"… My thinking is as long as they don't have to break the bank to keep Ryan Tannehill. ... You know you are going to have to pay Derrick Henry top dollar, but the top dollar for a running back isn't anywhere near what it is for a quarterback. So if Ryan is willing to take a good contract but not up there with what the market is right now, about $30 million or whatever, they will have money to even add some more pieces that could get them over the top."

Moon, who became friendly with Mariota while he was still in college at Oregon after meeting at the Davey O'Brien Awards, said he's pulling for the former Titans starter.

After being replaced by Tannehill, Mariota didn't play in nine straight games. Down the stretch he played a handful of snaps in games.

"I think sometimes quarterbacks just need a change of scenery if things aren't going well in one place, and that may end up being the case with Marcus," Moon said. "A lot of pressure was put in his shoulders come out as the No.2 pick, same thing with Jameis Winston in Tampa Bay. They just haven't been able to live up to the pressure they had to play with, having been asked to play Day One. Neither one of them was put in a situation where they had a veteran behind them and somebody they could learn from, kind of like Patrick Mahomes, where he had Alex Smith for a year, or Aaron Rodgers, where he had Brett Favre. I can go on and on with guys who had players who had mentors before they were put on the spot.

"But I think Marcus can play in this league, and he just needs to find the right situation, and I think it will work for him. He is very talented, there's no doubt about that. But in my observations he just plays a little tentative sometimes and he just need to let this go, just let I rip."

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Moon, who played with some talented receivers in Houston's "Run and Shoot" offense, thinks the Titans have a dandy in Brown, the team's second-round pick from Ole Miss to racked up 52 catches for 1,051 yards and eight touchdowns in 2019.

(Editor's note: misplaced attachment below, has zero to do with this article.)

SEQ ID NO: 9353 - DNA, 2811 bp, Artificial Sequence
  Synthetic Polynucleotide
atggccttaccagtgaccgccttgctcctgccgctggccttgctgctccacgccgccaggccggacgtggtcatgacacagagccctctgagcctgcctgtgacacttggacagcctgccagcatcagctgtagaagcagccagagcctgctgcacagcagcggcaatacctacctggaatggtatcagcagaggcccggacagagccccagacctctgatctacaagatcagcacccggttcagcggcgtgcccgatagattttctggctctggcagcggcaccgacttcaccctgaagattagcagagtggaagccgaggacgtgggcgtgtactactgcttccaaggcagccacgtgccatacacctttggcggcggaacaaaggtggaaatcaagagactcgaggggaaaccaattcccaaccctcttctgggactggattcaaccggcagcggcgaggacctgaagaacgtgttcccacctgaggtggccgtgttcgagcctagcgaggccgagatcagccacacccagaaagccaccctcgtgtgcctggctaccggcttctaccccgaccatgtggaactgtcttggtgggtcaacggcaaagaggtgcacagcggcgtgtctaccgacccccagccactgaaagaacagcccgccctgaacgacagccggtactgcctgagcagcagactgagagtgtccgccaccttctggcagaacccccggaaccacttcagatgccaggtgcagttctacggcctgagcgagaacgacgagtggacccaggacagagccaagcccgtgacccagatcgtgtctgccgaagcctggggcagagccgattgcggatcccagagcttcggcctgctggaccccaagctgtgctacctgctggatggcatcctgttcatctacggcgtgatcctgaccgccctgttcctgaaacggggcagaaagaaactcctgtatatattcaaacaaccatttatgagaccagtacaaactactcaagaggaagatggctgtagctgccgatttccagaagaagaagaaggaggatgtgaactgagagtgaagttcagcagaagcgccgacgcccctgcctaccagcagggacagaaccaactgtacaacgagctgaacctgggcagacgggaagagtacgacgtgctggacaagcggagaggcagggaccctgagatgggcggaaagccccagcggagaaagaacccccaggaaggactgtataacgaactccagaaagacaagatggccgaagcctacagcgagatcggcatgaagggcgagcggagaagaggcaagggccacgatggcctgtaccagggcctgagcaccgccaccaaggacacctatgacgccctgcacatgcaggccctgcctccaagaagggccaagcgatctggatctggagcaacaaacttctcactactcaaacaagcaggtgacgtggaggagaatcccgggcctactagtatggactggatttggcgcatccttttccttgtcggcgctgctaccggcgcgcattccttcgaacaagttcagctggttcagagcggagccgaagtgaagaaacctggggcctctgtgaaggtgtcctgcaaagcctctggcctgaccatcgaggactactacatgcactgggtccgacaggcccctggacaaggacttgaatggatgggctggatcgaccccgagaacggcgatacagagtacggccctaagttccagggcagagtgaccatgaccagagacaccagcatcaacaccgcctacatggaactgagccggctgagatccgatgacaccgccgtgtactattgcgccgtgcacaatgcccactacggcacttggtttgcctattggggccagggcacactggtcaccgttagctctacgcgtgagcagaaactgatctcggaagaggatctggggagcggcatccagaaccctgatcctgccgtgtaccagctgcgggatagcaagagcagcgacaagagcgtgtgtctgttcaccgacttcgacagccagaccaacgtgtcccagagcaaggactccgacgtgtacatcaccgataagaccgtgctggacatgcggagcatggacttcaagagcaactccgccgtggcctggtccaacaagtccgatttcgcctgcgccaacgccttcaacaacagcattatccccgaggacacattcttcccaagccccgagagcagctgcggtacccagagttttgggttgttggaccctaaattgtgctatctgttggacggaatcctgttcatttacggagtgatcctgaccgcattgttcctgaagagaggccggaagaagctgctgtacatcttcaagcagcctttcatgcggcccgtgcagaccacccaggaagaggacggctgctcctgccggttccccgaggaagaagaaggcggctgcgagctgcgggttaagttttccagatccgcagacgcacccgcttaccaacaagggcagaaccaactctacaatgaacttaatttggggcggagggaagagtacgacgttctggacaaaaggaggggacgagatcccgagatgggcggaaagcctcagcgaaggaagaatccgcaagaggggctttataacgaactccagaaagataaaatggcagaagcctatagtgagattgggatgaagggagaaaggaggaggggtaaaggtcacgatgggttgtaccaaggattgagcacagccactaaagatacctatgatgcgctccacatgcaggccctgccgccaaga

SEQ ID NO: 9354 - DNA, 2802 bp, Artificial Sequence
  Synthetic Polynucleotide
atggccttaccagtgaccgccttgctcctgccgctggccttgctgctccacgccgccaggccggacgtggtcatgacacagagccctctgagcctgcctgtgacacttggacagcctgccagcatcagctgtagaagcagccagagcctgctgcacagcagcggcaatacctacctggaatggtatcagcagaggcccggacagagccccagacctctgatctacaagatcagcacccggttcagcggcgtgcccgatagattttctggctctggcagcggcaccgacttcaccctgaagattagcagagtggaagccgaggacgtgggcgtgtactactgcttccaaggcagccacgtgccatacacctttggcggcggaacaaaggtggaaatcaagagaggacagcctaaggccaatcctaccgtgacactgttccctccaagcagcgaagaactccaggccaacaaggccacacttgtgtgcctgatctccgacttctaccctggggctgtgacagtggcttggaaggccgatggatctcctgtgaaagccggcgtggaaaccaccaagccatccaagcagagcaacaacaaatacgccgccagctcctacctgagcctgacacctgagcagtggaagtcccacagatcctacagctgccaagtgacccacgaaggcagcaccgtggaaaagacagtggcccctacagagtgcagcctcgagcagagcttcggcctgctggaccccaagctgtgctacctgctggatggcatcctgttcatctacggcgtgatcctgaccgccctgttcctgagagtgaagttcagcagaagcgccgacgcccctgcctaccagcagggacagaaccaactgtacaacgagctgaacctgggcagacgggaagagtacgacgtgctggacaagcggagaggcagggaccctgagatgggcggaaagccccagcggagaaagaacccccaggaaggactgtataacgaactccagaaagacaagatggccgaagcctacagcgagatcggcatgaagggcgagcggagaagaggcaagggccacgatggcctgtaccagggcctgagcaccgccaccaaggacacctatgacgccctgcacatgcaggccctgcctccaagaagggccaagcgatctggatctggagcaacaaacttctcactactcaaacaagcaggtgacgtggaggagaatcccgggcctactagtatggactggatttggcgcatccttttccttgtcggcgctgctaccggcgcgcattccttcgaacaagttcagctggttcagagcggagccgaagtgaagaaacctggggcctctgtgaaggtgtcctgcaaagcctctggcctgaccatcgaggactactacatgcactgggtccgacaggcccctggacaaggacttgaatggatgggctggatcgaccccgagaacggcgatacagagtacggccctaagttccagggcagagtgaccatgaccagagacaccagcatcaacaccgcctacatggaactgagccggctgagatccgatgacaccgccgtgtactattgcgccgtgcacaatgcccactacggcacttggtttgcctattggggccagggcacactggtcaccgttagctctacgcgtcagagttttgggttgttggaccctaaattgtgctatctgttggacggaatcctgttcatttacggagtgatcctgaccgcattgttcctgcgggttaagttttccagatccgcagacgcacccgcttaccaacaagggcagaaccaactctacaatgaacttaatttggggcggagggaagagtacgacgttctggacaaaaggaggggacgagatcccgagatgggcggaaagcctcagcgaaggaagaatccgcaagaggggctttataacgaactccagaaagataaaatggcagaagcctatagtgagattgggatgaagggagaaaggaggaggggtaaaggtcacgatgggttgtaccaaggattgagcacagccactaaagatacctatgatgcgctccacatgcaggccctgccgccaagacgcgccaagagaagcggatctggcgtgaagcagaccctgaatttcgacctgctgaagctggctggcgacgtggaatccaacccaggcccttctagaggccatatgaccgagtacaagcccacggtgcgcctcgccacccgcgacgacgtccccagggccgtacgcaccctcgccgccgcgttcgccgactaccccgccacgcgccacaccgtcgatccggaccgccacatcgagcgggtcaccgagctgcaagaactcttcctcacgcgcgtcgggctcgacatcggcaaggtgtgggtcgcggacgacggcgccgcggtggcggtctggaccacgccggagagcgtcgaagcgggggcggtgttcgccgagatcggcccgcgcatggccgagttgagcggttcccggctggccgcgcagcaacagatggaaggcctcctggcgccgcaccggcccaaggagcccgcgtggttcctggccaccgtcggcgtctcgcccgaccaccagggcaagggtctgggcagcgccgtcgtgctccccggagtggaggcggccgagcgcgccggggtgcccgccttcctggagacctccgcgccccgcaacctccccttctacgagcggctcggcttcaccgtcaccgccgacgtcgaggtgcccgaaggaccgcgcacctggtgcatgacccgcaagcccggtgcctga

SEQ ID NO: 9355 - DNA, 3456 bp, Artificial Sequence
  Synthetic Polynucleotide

Brown had five 100-yard games in his rookie season.

"I really like him, and I really like him after the catch," Moon said of Brown. "He is a big receiver who gives the quarterback a good catching radius to throw the football to – it doesn't always have to be a perfect pass because of his size. And he has great leaping ability. And that's a tough position to transition into the NFL. I think it's the second-toughest position on offense to transition into, besides quarterback, because you are trying to learn all the complex coverages, you are trying to learn all the routes, adjustments and things, and you are playing against much better competition as far as guys who can cover you compared to what you faced in college.

"So for him to show so much promise in his first year, it's really good to see and he is only going to get better as he matures and moves along. The experience he had this year is just going to be two-fold next year when he comes back. He'll be so much more comfortable on what he'll be asked to do."

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Lastly, at the end of a wide-ranging interview, Moon weighed in on Adams, expressing his disappointment that he didn't make it into the Hall of Fame's Class of 2020.

Adams was one of 10 finalists in the contributor category for the Pro Football Hall of Fame Centennial class, but on January 15 it was revealed he wasn't among those selected.

Moon believes Adams will eventually get in. He's pulling for him.

"There's no question he deserves to be in the Hall of Fame – he is one of the founders of the AFL, his contributions to the NFL have been great, and he had a lot of winning football teams during his time, including going to a Super Bowl," Moon said.

"But what I am most proud of him for is he wasn't afraid to go out and bring African American quarterbacks to his football teams, whether it was me or Steve McNair or Vince Young. He has had African Americans at that position, a position that was always looked it like African Americans weren't equipped to play, so I love him for that.

"He just made so many great contributions to the game, there is no question that he is going to be in the Hall of Fame one day. When that is, I'm not sure, but I think it's definitely going to happen."